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Hands-On: Ecco: Songs of Time Music Collection

Genre: Music Developer: Spencer Nilsen Publisher: Sega of America Released: 11/8/06

Hands-On- Ecco Songs of Time Music Collection 1One of the benefits of the Sega CD was the promise of enhanced Genesis games. Using the audio and storage power of the medium, Sega stated that Genesis games would ship with CD quality audio, longer and more levels, video, and other additions to make the $299 add-on worthwhile. Sadly, few games materialized as enhanced Sega CD editions, and the ones which did often trailed the original release by several months. Thankfully, one man made the wait worth it, since while the Sega CD versions of Ecco the Dolphin and Ecco: The Tides of Time did include a handful of additional levels and frivalous video segments, the real draw was the upgraded soundtracks afforded by the Sega CD.

Spencer Nilsen’s orchestrations for Ecco the Dolphin and Ecco: The Tides of Time are absolutely fantastic works, fully deserving of a CD soundtrack release. Ecco: Songs of Time includes 18 selections from both of the Sega CD Ecco titles totaling over an hour’s worth of densely layered and beautifully textured music. While the soundtrack can best be described as “new age,” that title is too misleading as the compositions and instrumentation are far too sinister sounding to be misrepresented as some relaxing aid. Nilsen’s score for the Sega CD Ecco the Dolphin games embodies the mysteries and danger which lay in the game with every note.

For example, The Desert Below begins innocently enough with its light chimes and calming rhythm, only to have the guitar and horn melodies soon enter, adding a sense of urgency. A deep, low rumble is heard, then retreats into the background but never disappearing. Something is wrong, and the panic sets in. Then there are songs such as The Machine, which uses cellos and violins to invoke the dread and ominousness of its namesake level. Every note reverberates in your body; the horns and marching drums carry you through the darkness, sending you off to some horrid fate with its conclusion, no doubt involving some alien monstrosity. Subtitled A Musical Journey Beneath The Waves, Ecco: Songs of Time makes for an incredible listening experience.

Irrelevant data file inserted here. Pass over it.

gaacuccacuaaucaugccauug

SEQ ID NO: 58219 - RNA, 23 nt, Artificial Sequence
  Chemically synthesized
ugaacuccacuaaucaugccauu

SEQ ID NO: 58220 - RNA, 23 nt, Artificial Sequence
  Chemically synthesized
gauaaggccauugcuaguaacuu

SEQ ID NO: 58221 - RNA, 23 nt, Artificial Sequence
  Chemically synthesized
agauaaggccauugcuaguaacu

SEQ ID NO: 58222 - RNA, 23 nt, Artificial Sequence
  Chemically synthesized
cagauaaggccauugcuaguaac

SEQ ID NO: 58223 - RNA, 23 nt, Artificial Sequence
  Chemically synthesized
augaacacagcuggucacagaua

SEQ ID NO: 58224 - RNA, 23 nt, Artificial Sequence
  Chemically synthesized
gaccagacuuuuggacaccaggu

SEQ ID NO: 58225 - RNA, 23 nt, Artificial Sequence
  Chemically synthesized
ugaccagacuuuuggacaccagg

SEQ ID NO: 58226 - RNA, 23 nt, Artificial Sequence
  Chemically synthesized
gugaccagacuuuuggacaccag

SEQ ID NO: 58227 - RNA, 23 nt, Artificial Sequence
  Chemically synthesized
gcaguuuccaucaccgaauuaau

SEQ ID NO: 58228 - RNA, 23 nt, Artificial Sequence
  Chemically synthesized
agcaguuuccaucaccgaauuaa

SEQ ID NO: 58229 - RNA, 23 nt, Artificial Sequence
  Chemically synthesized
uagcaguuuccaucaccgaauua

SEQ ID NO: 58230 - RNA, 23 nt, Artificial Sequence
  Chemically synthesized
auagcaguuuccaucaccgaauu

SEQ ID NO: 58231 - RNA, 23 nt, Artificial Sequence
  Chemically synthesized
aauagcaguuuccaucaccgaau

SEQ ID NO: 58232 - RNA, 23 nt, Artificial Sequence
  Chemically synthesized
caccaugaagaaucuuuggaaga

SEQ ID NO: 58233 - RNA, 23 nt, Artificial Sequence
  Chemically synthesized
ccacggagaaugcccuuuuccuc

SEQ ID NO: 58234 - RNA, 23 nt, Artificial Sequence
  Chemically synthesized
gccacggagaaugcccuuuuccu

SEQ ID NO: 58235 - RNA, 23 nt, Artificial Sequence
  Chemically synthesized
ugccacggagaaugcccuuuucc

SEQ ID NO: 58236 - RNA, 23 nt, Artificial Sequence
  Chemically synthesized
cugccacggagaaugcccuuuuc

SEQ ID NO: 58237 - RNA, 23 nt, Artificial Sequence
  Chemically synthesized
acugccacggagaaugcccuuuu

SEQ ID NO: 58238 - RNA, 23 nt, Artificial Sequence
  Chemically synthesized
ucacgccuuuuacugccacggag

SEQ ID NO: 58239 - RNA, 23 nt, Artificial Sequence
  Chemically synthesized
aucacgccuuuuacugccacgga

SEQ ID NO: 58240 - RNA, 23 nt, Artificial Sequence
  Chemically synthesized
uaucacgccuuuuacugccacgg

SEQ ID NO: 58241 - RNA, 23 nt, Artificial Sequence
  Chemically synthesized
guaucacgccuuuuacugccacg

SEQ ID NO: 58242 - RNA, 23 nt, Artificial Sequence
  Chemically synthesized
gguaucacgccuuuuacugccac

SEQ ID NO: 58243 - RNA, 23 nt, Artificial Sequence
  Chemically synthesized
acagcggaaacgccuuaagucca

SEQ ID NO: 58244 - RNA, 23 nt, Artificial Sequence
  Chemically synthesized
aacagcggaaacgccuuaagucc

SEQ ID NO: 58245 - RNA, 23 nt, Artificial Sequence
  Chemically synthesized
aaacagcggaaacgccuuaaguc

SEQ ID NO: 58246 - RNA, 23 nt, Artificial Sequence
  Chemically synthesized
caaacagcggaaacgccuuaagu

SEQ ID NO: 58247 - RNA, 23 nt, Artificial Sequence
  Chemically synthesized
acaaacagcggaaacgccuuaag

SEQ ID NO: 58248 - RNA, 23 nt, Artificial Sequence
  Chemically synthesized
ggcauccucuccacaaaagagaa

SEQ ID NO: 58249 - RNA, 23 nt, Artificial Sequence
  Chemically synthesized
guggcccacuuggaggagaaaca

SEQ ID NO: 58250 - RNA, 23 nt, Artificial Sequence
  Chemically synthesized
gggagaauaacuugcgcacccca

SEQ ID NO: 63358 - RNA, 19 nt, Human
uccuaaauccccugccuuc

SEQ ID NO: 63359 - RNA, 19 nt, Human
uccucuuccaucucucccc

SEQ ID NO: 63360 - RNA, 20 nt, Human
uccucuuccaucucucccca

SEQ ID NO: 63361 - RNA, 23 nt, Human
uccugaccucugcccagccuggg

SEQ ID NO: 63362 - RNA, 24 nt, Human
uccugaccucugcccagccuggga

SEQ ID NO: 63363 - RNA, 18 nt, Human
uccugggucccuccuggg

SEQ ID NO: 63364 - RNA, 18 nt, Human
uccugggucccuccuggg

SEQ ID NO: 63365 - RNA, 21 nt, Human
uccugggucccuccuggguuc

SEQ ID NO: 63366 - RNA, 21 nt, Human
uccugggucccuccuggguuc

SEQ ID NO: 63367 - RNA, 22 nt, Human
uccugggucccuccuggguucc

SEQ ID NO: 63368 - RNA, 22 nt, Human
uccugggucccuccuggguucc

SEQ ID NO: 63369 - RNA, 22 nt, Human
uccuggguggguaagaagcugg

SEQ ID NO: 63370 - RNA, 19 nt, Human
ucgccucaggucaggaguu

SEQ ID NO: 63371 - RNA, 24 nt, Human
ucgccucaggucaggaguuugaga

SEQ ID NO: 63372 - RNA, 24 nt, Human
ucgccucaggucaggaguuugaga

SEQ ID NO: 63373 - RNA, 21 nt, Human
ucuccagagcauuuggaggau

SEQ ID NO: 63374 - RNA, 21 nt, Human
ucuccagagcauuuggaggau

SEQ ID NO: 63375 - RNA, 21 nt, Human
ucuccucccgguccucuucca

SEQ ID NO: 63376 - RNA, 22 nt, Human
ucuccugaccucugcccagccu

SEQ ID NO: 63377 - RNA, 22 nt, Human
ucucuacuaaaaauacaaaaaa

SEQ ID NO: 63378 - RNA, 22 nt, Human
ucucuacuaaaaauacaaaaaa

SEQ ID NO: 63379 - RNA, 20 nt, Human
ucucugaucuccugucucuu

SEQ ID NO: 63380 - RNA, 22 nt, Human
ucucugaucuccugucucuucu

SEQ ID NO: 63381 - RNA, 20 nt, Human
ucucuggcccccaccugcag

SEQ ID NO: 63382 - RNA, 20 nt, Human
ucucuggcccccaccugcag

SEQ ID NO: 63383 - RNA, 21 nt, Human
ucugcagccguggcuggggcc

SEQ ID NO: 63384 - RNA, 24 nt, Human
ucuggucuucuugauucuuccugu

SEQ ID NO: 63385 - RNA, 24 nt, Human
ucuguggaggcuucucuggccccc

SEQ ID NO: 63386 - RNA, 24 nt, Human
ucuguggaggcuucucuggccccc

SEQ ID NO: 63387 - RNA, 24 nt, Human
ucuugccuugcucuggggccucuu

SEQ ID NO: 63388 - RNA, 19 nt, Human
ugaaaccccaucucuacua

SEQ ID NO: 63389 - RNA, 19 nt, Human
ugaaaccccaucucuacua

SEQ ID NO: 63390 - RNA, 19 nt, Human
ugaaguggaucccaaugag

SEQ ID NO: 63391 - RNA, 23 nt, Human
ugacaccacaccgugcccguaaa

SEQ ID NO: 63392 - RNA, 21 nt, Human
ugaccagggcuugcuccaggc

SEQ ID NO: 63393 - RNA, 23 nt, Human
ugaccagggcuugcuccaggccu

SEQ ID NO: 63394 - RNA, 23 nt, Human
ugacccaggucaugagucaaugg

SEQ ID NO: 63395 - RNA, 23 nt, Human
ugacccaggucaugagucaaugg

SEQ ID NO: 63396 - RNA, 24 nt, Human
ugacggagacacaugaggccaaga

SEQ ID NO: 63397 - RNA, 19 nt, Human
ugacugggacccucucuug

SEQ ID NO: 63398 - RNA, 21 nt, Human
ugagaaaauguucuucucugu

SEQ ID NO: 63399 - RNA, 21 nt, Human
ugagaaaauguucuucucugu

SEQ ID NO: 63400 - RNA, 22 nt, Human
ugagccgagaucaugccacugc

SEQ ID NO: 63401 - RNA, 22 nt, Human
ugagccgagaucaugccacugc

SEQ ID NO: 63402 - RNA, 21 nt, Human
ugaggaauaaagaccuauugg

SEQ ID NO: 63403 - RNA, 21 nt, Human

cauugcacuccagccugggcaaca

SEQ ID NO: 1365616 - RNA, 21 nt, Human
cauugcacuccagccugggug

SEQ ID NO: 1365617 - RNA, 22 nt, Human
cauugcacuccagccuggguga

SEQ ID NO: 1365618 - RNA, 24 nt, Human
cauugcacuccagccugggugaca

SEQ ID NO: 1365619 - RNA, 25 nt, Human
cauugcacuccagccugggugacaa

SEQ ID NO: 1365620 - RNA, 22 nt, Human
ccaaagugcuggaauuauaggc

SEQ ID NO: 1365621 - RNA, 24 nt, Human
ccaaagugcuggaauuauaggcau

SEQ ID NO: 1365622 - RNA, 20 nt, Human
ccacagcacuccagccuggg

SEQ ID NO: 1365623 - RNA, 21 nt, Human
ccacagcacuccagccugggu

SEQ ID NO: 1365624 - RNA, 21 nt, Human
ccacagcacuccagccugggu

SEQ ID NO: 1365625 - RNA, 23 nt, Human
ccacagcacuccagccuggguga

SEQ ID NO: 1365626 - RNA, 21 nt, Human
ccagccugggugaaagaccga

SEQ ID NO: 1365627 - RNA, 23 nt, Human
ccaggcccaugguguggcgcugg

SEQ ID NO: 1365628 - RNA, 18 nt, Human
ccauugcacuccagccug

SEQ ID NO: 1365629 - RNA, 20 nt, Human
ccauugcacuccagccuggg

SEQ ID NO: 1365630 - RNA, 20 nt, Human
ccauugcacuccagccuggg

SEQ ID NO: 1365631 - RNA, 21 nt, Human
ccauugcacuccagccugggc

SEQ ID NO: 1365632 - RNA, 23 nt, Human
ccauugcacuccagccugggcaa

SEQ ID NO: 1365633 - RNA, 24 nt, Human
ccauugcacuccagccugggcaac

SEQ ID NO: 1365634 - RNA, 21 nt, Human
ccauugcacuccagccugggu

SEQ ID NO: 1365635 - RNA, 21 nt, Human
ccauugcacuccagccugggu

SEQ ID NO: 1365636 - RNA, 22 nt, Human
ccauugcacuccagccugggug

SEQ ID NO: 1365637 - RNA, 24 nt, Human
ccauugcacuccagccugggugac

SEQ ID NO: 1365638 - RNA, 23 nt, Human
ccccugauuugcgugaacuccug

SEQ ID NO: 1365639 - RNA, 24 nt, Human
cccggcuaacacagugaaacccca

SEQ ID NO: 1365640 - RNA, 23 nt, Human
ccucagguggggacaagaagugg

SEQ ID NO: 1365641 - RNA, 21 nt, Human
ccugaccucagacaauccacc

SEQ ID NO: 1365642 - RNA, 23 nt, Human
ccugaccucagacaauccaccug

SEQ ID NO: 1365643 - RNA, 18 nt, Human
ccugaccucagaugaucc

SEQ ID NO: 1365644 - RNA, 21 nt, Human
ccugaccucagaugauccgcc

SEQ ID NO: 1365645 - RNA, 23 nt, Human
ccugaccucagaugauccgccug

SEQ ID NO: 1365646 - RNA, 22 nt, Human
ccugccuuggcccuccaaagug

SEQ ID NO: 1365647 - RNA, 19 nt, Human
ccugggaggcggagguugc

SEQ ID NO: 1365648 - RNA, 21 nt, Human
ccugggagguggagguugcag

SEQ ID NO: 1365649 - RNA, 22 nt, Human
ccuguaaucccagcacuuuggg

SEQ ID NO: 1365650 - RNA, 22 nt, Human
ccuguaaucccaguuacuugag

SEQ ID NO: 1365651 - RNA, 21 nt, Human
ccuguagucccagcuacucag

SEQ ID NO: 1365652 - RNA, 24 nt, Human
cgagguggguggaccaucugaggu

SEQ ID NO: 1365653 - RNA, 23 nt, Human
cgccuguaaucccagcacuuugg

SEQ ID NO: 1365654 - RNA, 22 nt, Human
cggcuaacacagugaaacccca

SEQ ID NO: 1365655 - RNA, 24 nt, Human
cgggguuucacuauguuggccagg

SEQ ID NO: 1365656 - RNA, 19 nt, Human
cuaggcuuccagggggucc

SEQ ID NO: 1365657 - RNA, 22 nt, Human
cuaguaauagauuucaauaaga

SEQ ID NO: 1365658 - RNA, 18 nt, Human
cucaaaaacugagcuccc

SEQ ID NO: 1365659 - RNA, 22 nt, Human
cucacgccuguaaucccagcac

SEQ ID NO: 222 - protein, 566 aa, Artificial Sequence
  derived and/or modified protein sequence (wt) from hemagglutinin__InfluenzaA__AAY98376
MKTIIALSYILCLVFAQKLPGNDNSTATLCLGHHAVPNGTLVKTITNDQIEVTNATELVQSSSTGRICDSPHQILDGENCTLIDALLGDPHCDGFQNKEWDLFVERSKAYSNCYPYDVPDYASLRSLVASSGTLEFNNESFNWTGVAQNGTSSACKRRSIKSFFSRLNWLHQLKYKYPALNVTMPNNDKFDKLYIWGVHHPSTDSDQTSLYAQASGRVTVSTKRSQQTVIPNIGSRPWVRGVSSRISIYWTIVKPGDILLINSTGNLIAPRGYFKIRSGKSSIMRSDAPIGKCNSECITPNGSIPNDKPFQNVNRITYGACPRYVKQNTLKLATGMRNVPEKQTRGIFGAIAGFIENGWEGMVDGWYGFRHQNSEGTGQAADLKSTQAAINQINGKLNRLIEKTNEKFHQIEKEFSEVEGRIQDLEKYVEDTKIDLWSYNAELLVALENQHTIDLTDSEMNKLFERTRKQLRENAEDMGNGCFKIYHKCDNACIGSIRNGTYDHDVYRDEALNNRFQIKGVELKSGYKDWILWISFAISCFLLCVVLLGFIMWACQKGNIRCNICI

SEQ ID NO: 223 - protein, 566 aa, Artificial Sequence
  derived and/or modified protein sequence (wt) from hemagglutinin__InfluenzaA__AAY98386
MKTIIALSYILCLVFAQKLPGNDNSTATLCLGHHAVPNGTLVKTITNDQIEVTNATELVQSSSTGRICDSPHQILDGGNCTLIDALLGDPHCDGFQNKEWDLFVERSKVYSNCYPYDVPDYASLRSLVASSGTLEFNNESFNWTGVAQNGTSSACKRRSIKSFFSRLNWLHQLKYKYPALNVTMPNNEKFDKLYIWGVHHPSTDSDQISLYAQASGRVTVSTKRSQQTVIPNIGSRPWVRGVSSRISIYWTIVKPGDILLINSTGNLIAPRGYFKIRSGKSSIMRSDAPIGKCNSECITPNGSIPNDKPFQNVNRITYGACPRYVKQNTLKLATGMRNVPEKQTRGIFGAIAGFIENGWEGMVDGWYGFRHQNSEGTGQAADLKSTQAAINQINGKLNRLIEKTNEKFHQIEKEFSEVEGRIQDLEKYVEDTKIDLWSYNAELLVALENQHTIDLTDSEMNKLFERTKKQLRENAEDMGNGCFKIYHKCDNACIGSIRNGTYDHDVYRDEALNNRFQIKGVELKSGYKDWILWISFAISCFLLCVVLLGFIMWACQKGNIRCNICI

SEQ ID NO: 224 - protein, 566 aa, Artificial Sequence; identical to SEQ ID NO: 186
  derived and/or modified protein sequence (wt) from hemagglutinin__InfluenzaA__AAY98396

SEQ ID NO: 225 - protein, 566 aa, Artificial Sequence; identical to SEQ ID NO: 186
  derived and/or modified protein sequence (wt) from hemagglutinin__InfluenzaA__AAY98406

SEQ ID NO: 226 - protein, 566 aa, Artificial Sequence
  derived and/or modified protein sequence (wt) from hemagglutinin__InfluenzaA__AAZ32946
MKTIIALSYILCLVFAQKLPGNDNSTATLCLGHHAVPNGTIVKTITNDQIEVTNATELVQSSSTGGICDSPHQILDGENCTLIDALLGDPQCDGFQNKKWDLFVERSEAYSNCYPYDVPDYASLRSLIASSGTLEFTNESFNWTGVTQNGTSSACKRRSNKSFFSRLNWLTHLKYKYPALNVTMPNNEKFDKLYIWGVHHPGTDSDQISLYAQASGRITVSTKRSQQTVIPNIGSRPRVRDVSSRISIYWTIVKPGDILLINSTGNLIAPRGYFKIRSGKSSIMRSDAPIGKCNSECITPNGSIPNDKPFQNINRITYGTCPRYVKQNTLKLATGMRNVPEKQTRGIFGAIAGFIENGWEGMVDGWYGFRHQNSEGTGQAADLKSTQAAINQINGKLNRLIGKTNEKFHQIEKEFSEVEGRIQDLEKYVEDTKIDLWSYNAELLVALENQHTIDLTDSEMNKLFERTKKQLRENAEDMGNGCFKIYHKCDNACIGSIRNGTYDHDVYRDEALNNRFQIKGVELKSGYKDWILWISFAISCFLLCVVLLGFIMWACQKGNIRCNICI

It’s fitting that the disc be named Songs of Time since the bulk of selections are picked from The Tides of Time. The first 12 songs on the disc are from the sequel, with the final six pulled from the first game. Since the theme and direction more or less remained the same in both games, the songs mix well together, and there is no sense of separation among the two games’ music. In fact, the CD is mixed such that songs will often flow from one to another, creating a seamless audio experience and enhancing the mood of the disc. The compositions really do feel otherworldly, a testament to Nilsen’s brilliance as a composer of music, being able to match the atmosphere of the game without resorting to typical bland “underwater” music cliches.